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Mishima's Sword: Travels in Search of a Samurai Legend Hardcover – October 31, 2006

2.9 out of 5 stars 8 customer reviews

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Editorial Reviews

From Publishers Weekly

Ross (Tunnel Visions) pursues the life and especially the violent suicide by seppuku, or hara-kiri, of the Japanese writer Yukio Mishima, at age 45 in 1970. An English journalist who studied martial arts and later worked in Japan and learned Japanese, Ross was intrigued by overlaps in Mishima's life and his own, in terms of wondering how to make one's life more worthwhile and productive, and one's death "magnificent." Mishima's novels harked back to the heroism of samurai warriors of early eras, and during his life he assiduously mastered the code of the knightly class and conditioned his body in ritual sword fighting. In fact, Ross learns that the famous sword Mishima used on himself in Tokyo's Eastern Army Group Headquarters was made by Seki no Magoroku in the 16th century, and has subsequently vanished. In between a visceral blow-by-blow account of Mishima's last hours, Ross alternates his detailed, gently meandering narrative with fascinating research into the art of Japanese sword making. Ross's journey is wonderfully elucidating, not only of the writer who wanted to ensure he lived forever but of a holistic history and culture of Japan. (Nov.)
Copyright © Reed Business Information, a division of Reed Elsevier Inc. All rights reserved.

From Booklist

In his time, Yukio Mishima was Japan's best-known and best-selling novelist, but he will always be remembered for his spectacular death, when he committed seppuku after a spectacularly unsuccessful coup attempt. Ross (Tunnel Visions, 2001) wanted to know what happened to Mishima's sword, the one that was used by a cohort to lop off his head as the coup de grace. What follows is an -utterly unique journey, part travelogue, part biography, part history lesson, and part philosophical treatise. Mishima was a complicated, contradictory man, and Ross explores his mind and his work through the lens of Japan's challenging culture. Though the search for the sword impels the journey, this is no archaeological thriller. The sword as object is less important to the book than the sword as symbol, of Japan's militaristic past, of Mishima's desire to reinvent himself from effete aesthete to virile man of action. Does Ross find the sword? Who cares? As with all great journeys, the most memorable moments lie en route to the final destination. Keir Graff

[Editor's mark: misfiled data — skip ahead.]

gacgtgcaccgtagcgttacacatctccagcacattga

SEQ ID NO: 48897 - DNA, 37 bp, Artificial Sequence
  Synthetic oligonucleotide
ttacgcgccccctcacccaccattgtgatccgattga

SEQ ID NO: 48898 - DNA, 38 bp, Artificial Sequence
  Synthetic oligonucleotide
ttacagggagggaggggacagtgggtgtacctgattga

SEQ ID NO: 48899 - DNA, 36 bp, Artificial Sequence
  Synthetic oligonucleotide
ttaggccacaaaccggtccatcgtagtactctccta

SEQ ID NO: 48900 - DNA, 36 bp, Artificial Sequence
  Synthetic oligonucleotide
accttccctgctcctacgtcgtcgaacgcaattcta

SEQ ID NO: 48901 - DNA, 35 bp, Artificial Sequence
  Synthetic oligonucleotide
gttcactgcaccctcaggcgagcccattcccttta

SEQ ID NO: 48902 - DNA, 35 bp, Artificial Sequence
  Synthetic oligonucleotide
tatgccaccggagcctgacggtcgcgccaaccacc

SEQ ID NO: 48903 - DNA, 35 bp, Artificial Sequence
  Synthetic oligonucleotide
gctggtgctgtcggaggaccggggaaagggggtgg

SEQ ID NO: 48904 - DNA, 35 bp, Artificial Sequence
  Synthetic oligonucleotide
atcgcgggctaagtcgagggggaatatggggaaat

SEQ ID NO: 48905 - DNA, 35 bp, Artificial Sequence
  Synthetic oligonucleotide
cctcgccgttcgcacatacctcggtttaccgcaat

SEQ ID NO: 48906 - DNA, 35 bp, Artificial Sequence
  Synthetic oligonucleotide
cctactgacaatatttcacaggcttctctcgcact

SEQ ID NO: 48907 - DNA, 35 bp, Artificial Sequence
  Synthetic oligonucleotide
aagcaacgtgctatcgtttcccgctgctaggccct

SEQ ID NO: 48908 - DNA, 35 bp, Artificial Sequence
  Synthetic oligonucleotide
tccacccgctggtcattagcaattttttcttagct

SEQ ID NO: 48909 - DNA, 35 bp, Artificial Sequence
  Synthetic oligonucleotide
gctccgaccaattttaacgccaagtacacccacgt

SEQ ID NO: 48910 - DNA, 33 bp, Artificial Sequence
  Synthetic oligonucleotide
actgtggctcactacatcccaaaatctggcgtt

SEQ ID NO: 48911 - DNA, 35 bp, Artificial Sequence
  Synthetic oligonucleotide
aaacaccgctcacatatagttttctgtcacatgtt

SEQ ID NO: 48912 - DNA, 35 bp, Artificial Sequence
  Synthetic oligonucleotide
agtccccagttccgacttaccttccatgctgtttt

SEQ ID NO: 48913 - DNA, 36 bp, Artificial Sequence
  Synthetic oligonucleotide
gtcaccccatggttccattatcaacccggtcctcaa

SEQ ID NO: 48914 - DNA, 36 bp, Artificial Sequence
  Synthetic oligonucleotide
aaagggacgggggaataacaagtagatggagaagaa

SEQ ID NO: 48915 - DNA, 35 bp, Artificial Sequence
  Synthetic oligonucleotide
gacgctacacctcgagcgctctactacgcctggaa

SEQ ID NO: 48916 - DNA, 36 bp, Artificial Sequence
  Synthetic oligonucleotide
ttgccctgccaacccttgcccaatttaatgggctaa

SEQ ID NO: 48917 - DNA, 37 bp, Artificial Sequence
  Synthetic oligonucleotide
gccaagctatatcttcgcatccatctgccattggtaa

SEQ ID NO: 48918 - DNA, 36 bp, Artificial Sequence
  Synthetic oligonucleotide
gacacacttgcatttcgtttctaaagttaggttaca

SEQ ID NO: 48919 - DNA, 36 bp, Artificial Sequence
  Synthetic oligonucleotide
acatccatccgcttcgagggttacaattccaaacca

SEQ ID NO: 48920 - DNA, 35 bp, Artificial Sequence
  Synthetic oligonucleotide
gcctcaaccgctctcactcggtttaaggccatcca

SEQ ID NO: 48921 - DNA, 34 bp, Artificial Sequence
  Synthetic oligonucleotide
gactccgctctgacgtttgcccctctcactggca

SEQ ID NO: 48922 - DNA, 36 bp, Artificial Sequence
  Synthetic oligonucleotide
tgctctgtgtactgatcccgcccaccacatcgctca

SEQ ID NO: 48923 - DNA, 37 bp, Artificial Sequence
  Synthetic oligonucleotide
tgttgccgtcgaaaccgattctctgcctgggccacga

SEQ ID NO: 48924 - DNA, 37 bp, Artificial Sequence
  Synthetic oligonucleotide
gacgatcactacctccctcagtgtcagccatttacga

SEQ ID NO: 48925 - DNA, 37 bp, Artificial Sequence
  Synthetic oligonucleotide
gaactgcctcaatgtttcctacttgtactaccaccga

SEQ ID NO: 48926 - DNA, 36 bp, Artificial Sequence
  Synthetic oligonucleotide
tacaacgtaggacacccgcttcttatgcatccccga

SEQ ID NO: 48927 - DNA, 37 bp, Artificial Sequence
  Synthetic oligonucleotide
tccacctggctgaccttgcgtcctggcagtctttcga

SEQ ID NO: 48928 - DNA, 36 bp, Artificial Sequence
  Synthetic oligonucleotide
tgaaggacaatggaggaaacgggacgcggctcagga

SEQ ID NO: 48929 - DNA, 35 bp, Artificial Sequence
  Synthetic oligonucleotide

Copyright © American Library Association. All rights reserved
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Product Details

  • Hardcover: 272 pages
  • Publisher: Da Capo Press; 1st Da Capo Press Ed edition (October 31, 2006)
  • Language: English
  • ISBN-10: 0306815133
  • ISBN-13: 978-0306815133
  • Product Dimensions: 8.6 x 5.6 x 1 inches
  • Shipping Weight: 8.8 ounces
  • Average Customer Review: 2.9 out of 5 stars  See all reviews (8 customer reviews)
  • Amazon Best Sellers Rank: #1,130,247 in Books (See Top 100 in Books)

Customer Reviews

Top Customer Reviews

Format: Hardcover
I haven't finished the book (still in the middle) but just want to argue with those reviewers who complain that the author distracts them with his own story and with "unnecessary" sword stories. But this is not a detective story about finding a sword - it is more about finding your own soul or core. This is not a travelogue but a philosophical journey.
Even if you look at the book from the travel prospective, I find his style of writing about this complicated topic well suited to conveying a complex mingling of old and new, of philosophy, religion and modernity that helps to understand today's Japan. Of course, the reader must be interested in understanding the whole instead of just a tabloid-like weird seppuku story.
In addition, since I can understand Japanese, I appreciate terminology and poetry cited in the book.
Maybe those who don't like such style, need find a different book on this topic - less culturally charged.